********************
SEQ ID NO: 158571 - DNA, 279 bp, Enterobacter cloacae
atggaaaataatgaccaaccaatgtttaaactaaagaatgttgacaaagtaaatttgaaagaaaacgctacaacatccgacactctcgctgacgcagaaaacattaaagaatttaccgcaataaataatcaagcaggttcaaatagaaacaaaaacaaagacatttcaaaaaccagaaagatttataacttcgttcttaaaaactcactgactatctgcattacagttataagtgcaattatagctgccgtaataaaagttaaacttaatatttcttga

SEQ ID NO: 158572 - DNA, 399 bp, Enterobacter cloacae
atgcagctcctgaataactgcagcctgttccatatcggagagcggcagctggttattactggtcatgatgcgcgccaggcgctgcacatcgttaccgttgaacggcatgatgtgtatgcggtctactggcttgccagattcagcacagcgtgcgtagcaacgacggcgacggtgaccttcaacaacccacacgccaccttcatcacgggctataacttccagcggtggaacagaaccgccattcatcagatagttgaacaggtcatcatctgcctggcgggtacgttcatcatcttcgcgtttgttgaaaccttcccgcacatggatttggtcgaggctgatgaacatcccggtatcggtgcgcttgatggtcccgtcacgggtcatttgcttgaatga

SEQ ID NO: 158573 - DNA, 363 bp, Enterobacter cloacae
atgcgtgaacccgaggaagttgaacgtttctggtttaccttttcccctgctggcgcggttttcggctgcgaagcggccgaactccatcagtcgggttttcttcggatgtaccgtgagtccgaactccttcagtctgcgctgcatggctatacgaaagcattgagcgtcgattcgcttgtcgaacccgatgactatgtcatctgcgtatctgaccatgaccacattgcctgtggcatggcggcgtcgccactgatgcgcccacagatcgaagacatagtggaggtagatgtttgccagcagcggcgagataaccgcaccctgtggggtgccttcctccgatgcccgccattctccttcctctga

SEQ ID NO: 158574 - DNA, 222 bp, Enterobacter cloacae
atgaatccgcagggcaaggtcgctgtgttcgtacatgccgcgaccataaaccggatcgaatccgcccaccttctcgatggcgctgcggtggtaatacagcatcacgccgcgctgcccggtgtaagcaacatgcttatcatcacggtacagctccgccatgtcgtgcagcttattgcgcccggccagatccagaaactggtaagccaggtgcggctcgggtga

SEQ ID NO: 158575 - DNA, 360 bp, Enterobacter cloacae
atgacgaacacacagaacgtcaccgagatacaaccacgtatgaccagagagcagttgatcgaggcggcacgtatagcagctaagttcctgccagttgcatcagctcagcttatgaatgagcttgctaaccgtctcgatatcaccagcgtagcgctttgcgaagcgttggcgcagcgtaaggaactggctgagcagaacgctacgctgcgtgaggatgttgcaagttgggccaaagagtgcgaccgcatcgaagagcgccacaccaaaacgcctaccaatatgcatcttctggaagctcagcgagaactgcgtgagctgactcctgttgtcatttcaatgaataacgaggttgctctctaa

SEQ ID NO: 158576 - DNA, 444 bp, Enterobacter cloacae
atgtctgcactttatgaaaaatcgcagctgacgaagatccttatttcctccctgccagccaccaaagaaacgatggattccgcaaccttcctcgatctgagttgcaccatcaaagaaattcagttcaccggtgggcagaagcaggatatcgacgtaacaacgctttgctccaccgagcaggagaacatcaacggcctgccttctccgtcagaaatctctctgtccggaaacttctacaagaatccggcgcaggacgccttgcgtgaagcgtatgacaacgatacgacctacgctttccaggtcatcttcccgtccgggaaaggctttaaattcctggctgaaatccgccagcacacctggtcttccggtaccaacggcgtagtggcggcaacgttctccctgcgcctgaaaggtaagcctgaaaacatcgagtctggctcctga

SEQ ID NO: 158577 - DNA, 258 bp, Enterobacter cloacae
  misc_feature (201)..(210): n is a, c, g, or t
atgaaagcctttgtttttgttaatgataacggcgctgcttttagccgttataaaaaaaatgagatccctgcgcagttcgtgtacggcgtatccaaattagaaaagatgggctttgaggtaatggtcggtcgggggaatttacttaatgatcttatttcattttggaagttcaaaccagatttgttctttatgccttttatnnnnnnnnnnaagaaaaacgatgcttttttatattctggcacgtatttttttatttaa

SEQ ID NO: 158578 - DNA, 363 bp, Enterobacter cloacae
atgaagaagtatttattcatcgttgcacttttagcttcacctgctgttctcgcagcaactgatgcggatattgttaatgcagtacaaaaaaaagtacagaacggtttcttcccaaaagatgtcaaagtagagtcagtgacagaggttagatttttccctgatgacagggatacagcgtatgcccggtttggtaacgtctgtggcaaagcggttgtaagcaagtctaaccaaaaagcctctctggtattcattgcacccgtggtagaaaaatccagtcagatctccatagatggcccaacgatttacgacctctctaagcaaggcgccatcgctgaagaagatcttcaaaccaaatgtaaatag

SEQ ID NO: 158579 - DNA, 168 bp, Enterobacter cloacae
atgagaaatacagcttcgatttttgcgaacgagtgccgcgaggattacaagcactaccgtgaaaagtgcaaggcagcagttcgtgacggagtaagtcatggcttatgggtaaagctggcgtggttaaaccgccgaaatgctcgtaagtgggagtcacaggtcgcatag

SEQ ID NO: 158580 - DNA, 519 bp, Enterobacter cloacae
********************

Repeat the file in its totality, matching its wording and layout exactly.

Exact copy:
SEQ ID NO: 158571 - DNA, 279 bp, Enterobacter cloacae
atggaaaataatgaccaaccaatgtttaaactaaagaatgttgacaaagtaaatttgaaagaaaacgctacaacatccgacactctcgctgacgcagaaaacattaaagaatttaccgcaataaataatcaagcaggttcaaatagaaacaaaaacaaagacatttcaaaaaccagaaagatttataacttcgttcttaaaaactcactgactatctgcattacagttataagtgcaattatagctgccgtaataaaagttaaacttaatatttcttga

SEQ ID NO: 158572 - DNA, 399 bp, Enterobacter cloacae
atgcagctcctgaataactgcagcctgttccatatcggagagcggcagctggttattactggtcatgatgcgcgccaggcgctgcacatcgttaccgttgaacggcatgatgtgtatgcggtctactggcttgccagattcagcacagcgtgcgtagcaacgacggcgacggtgaccttcaacaacccacacgccaccttcatcacgggctataacttccagcggtggaacagaaccgccattcatcagatagttgaacaggtcatcatctgcctggcgggtacgttcatcatcttcgcgtttgttgaaaccttcccgcacatggatttggtcgaggctgatgaacatcccggtatcggtgcgcttgatggtcccgtcacgggtcatttgcttgaatga

SEQ ID NO: 158573 - DNA, 363 bp, Enterobacter cloacae
atgcgtgaacccgaggaagttgaacgtttctggtttaccttttcccctgctggcgcggttttcggctgcgaagcggccgaactccatcagtcgggttttcttcggatgtaccgtgagtccgaactccttcagtctgcgctgcatggctatacgaaagcattgagcgtcgattcgcttgtcgaacccgatgactatgtcatctgcgtatctgaccatgaccacattgcctgtggcatggcggcgtcgccactgatgcgcccacagatcgaagacatagtggaggtagatgtttgccagcagcggcgagataaccgcaccctgtggggtgccttcctccgatgcccgccattctccttcctctga

SEQ ID NO: 158574 - DNA, 222 bp, Enterobacter cloacae
atgaatccgcagggcaaggtcgctgtgttcgtacatgccgcgaccataaaccggatcgaatccgcccaccttctcgatggcgctgcggtggtaatacagcatcacgccgcgctgcccggtgtaagcaacatgcttatcatcacggtacagctccgccatgtcgtgcagcttattgcgcccggccagatccagaaactggtaagccaggtgcggctcgggtga

SEQ ID NO: 158575 - DNA, 360 bp, Enterobacter cloacae
atgacgaacacacagaacgtcaccgagatacaaccacgtatgaccagagagcagttgatcgaggcggcacgtatagcagctaagttcctgccagttgcatcagctcagcttatgaatgagcttgctaaccgtctcgatatcaccagcgtagcgctttgcgaagcgttggcgcagcgtaaggaactggctgagcagaacgctacgctgcgtgaggatgttgcaagttgggccaaagagtgcgaccgcatcgaagagcgccacaccaaaacgcctaccaatatgcatcttctggaagctcagcgagaactgcgtgagctgactcctgttgtcatttcaatgaataacgaggttgctctctaa

SEQ ID NO: 158576 - DNA, 444 bp, Enterobacter cloacae
atgtctgcactttatgaaaaatcgcagctgacgaagatccttatttcctccctgccagccaccaaagaaacgatggattccgcaaccttcctcgatctgagttgcaccatcaaagaaattcagttcaccggtgggcagaagcaggatatcgacgtaacaacgctttgctccaccgagcaggagaacatcaacggcctgccttctccgtcagaaatctctctgtccggaaacttctacaagaatccggcgcaggacgccttgcgtgaagcgtatgacaacgatacgacctacgctttccaggtcatcttcccgtccgggaaaggctttaaattcctggctgaaatccgccagcacacctggtcttccggtaccaacggcgtagtggcggcaacgttctccctgcgcctgaaaggtaagcctgaaaacatcgagtctggctcctga

SEQ ID NO: 158577 - DNA, 258 bp, Enterobacter cloacae
  misc_feature (201)..(210): n is a, c, g, or t
atgaaagcctttgtttttgttaatgataacggcgctgcttttagccgttataaaaaaaatgagatccctgcgcagttcgtgtacggcgtatccaaattagaaaagatgggctttgaggtaatggtcggtcgggggaatttacttaatgatcttatttcattttggaagttcaaaccagatttgttctttatgccttttatnnnnnnnnnnaagaaaaacgatgcttttttatattctggcacgtatttttttatttaa

SEQ ID NO: 158578 - DNA, 363 bp, Enterobacter cloacae
atgaagaagtatttattcatcgttgcacttttagcttcacctgctgttctcgcagcaactgatgcggatattgttaatgcagtacaaaaaaaagtacagaacggtttcttcccaaaagatgtcaaagtagagtcagtgacagaggttagatttttccctgatgacagggatacagcgtatgcccggtttggtaacgtctgtggcaaagcggttgtaagcaagtctaaccaaaaagcctctctggtattcattgcacccgtggtagaaaaatccagtcagatctccatagatggcccaacgatttacgacctctctaagcaaggcgccatcgctgaagaagatcttcaaaccaaatgtaaatag

SEQ ID NO: 158579 - DNA, 168 bp, Enterobacter cloacae
atgagaaatacagcttcgatttttgcgaacgagtgccgcgaggattacaagcactaccgtgaaaagtgcaaggcagcagttcgtgacggagtaagtcatggcttatgggtaaagctggcgtggttaaaccgccgaaatgctcgtaagtgggagtcacaggtcgcatag

SEQ ID NO: 158580 - DNA, 519 bp, Enterobacter cloacae